During the Olympics, we will encourage more Whitehall civil servants to work remotely, whether from an office outside central London or from home.  This will require managers to focus on their outputs rather than their hours.  We aim to use the experience to spread this approach more widely.  This contribution to a better culture can be a key Olympic legacy.

A less hierarchical and more flexible culture

To support a more flexible, open and pacier culture within the Civil Service, structures need to be flatter, with less focus on whether people are the right grade for the job, and more on whether they are the right people to do it.  This means having the right people in the right jobs at the right time, taking into account the varying business needs and structures of different Government departments. Departments must improve workforce planning and ensure that talented people are recognised and deployed appropriately. As a default, all jobs available on promotion should be open to those best placed to fill them, irrespective of their current grade.  Furthermore, Departments will continue to review their structures as part of their ongoing change programmes or departmental improvement plans and should through this work look to ensure that there are no more than eight management tiers.  In many parts of the Civil Service it should be fewer.

Modern terms and conditions

Each Department will undertake a review of terms and conditions and identify those that are beyond what a good, modern employer would provide.  They will ensure that the Civil Service will continue to be among the best employers in the country whilst tackling those terms and conditions that often leave it open to caricature.

Civil Service Pay

In the 2011 Autumn Statement the Chancellor announced that there was a case for considering how public sector pay could better reflect local labour markets. The independent Pay Review Bodies are currently considering the case for greater local pay flexibility in the wider public sector but nothing has yet been decided. There will be no change unless there is strong evidence to support it and a rational case for proceeding.

Senior Civil Service pay

The Civil Service needs senior leaders that are equipped, motivated and high performing, to drive and oversee this package of reform.  The SCS pay structure is no longer an effective mechanism for supporting a modern workforce, and there is an insufficient link between performance and reward.

Working in partnership with Departments and other stakeholders we will develop plans for a new SCS reward package that will be submitted to the Review Body on Senior Salaries this Autumn. Consideration of a voluntary “earn back” scheme will be included that would allow Senior Civil Servants to place an element of their pay at risk each year, in return for the opportunity to ”earn back” this amount by meeting pre-agreed objectives or, to earn a greater amount through exceptional performance.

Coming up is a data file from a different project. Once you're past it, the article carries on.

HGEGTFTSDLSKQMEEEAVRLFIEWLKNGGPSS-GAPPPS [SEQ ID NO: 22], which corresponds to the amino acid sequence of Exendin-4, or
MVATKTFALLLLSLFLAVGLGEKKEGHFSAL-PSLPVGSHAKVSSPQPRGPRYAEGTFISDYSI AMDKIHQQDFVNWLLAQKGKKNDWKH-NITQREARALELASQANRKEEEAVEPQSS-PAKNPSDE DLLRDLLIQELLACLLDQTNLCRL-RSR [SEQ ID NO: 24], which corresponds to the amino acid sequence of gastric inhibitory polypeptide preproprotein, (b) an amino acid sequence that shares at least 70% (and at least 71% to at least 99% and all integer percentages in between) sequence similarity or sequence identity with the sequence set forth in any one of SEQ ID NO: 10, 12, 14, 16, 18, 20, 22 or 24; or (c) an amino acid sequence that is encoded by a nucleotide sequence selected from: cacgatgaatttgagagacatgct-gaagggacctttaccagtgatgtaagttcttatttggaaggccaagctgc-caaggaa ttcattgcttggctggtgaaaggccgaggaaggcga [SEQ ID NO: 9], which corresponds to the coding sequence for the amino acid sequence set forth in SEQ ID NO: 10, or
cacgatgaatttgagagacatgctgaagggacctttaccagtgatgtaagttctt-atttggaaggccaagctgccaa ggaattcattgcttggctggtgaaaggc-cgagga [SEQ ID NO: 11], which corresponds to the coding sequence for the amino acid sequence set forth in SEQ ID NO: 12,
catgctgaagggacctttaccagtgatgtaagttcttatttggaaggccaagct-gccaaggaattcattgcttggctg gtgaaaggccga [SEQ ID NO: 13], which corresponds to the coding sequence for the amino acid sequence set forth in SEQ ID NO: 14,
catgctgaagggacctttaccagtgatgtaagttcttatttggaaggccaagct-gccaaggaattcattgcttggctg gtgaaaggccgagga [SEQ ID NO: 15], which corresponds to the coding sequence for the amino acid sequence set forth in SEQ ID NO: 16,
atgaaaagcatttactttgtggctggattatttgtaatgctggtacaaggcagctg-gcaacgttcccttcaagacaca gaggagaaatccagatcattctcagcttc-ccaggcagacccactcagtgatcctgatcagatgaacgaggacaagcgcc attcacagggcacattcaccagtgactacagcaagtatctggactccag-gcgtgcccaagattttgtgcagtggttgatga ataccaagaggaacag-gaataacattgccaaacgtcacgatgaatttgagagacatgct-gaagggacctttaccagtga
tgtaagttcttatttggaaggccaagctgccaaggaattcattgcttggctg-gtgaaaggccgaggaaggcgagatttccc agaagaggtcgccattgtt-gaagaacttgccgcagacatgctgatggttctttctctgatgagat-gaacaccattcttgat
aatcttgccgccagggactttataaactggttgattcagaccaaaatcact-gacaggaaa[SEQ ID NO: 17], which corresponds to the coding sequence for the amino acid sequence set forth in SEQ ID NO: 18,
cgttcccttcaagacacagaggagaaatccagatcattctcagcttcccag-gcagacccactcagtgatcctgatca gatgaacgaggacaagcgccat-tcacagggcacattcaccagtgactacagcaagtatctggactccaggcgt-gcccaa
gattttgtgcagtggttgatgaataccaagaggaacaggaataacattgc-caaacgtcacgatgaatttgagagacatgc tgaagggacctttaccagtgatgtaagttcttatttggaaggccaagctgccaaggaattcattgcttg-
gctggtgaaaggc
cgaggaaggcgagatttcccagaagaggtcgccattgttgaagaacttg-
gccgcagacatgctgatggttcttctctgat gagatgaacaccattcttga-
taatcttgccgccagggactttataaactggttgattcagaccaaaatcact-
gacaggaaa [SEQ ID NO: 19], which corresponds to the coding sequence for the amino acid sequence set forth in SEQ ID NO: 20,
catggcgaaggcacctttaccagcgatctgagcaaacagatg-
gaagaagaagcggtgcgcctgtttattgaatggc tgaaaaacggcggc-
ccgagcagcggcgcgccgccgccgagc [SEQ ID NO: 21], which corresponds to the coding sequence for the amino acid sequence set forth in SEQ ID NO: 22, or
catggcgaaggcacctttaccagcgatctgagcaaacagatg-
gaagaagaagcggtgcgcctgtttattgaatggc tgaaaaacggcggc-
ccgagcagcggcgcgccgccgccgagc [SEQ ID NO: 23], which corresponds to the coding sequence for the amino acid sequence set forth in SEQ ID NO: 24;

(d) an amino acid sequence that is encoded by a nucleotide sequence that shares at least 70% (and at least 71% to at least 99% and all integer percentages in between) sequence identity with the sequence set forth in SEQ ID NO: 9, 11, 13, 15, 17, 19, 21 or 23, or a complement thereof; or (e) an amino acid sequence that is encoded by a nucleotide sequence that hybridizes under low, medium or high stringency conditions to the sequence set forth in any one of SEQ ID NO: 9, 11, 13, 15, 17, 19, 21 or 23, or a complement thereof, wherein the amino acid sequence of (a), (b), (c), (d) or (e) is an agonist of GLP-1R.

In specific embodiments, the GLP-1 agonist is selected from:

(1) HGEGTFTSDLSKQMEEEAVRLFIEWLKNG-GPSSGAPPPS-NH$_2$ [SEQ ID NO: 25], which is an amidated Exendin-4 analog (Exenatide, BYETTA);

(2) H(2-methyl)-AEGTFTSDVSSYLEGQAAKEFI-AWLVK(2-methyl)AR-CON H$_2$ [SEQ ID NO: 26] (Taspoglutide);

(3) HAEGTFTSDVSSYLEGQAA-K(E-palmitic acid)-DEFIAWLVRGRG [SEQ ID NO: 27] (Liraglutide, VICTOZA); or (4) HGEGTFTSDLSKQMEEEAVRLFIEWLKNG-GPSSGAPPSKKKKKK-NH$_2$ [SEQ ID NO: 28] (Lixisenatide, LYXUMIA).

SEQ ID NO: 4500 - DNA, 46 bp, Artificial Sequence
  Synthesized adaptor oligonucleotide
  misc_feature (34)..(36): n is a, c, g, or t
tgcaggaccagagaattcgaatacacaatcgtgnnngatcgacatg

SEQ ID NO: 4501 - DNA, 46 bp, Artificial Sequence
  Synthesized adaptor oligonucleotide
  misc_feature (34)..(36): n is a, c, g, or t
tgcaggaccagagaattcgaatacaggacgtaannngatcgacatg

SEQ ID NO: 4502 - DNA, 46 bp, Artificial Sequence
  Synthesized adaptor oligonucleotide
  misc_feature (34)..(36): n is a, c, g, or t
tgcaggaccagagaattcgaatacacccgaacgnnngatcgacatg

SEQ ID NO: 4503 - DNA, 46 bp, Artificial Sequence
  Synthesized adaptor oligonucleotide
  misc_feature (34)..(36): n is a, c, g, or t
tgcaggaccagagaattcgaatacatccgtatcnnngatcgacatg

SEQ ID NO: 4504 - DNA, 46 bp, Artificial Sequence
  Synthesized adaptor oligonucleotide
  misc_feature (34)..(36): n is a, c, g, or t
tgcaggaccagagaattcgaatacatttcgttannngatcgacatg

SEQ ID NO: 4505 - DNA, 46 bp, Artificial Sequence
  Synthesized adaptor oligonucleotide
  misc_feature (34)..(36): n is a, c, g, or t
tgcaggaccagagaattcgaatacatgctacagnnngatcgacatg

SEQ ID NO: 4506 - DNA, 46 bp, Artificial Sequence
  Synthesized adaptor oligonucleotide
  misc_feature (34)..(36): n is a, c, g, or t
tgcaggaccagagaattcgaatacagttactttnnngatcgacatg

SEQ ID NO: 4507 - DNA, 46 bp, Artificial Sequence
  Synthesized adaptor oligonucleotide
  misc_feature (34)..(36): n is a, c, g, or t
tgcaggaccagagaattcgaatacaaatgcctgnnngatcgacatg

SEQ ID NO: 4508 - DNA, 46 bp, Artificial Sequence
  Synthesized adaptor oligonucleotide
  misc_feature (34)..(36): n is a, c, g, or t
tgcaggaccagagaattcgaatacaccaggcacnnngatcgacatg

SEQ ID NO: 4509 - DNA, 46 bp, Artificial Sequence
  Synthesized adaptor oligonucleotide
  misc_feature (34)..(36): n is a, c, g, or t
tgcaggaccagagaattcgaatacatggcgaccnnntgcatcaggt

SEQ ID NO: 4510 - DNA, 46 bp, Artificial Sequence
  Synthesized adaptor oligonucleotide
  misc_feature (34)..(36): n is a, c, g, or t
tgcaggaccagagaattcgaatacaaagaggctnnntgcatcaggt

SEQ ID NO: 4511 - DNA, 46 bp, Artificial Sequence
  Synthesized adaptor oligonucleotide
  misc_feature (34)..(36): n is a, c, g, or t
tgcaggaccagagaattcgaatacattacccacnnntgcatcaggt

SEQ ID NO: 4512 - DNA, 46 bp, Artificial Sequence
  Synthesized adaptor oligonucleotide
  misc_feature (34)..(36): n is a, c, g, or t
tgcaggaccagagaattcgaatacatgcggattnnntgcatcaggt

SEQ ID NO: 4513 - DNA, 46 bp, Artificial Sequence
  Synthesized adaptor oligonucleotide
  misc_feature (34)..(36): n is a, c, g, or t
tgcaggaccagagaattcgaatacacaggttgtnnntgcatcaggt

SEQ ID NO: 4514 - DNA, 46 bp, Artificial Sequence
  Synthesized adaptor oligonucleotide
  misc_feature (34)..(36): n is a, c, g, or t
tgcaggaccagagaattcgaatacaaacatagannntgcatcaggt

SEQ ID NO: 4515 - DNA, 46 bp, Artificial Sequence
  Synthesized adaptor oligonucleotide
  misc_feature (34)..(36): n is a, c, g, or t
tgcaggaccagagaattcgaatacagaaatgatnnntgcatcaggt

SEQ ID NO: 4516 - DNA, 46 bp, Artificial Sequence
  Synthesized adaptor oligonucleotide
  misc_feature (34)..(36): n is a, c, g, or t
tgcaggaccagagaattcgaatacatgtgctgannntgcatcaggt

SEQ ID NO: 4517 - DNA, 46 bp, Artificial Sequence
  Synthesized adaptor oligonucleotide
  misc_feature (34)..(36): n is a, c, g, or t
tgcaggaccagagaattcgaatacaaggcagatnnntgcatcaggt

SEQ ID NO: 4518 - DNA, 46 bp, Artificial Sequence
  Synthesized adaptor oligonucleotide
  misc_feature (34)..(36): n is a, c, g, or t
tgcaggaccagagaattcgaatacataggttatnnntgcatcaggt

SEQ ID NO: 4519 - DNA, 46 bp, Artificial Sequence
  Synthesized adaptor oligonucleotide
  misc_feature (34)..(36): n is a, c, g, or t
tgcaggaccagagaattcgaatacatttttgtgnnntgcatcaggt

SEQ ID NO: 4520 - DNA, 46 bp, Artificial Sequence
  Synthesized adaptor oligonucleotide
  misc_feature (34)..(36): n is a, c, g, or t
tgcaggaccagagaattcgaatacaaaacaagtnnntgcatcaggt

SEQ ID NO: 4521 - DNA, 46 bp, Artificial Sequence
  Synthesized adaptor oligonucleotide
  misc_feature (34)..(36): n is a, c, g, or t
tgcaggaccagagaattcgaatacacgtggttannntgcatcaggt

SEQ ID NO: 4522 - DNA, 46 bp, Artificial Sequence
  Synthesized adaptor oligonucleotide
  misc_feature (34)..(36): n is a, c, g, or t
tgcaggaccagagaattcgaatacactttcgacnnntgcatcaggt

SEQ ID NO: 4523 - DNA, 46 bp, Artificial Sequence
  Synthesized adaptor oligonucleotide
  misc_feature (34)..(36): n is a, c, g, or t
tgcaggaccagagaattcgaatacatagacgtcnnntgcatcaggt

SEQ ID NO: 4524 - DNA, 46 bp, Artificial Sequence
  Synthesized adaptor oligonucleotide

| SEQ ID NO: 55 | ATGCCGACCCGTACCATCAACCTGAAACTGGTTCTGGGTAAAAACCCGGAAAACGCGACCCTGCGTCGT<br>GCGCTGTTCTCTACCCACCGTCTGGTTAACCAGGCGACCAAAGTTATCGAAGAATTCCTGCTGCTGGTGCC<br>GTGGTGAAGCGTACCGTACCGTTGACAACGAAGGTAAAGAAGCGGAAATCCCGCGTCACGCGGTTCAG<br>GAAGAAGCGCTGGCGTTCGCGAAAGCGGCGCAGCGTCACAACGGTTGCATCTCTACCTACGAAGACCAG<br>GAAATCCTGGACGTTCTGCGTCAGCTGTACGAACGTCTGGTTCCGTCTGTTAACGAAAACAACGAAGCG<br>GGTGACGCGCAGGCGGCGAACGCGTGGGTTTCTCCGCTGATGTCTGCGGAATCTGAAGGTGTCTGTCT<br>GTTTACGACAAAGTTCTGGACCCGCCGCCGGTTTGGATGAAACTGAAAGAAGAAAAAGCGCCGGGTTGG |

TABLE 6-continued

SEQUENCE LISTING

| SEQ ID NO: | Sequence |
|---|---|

Managing performance

Civil servants consistently identify that poor performance is not tackled effectively. In the last People Survey only 37% of staff thought that poor performance was dealt with well26.  It is also true that good performance is often not properly recognised. To ensure that performance management is improved, Departments will:

  • Implement a common Civil Service performance framework, linked to the competence framework, for staff below the SCS during 2012/13. This will identify the top and bottom performers.
  • Implement an SCS appraisal system which will identify the top 25% and the bottom 10%.  The bottom 10% will need to undertake performance monitoring and improvement planning.
  • Implement the new streamlined policy on managing poor performance, with shorter timeframes and clearer guidance. This will enable poor performance to be tackled more quickly and effectively.  For all staff that remain in the bottom performers without improvement and are still not meeting the required standards, a decision will quickly be taken over whether they should be exited from the organisation, using this policy.
  • Support all managers to implement the new performance framework and explicitly hold them to account for the management of poor performance and attendance through their objectives.  Managers are too often slow to identify poor performance or do not feel confident in gathering evidence and giving early honest feedback.  Currently managers are not always supported or challenged to do so, and the obligation to act on poor performance needs to be encouraged.
  • Consistently recognise and reward high performance using the new performance management approach to identify potential and develop it effectively across the Civil Service. Recognition can be as simple as a thank you, but can include financial rewards for exceptional work.  Departments will develop their reward approach in line with the performance framework.

Learning and Development

Learning and development has and will continue to be an important part of the offer to staff.  Civil Servants have identified that they often feel that they are not given the right training and support to do their jobs to the best of their abilities.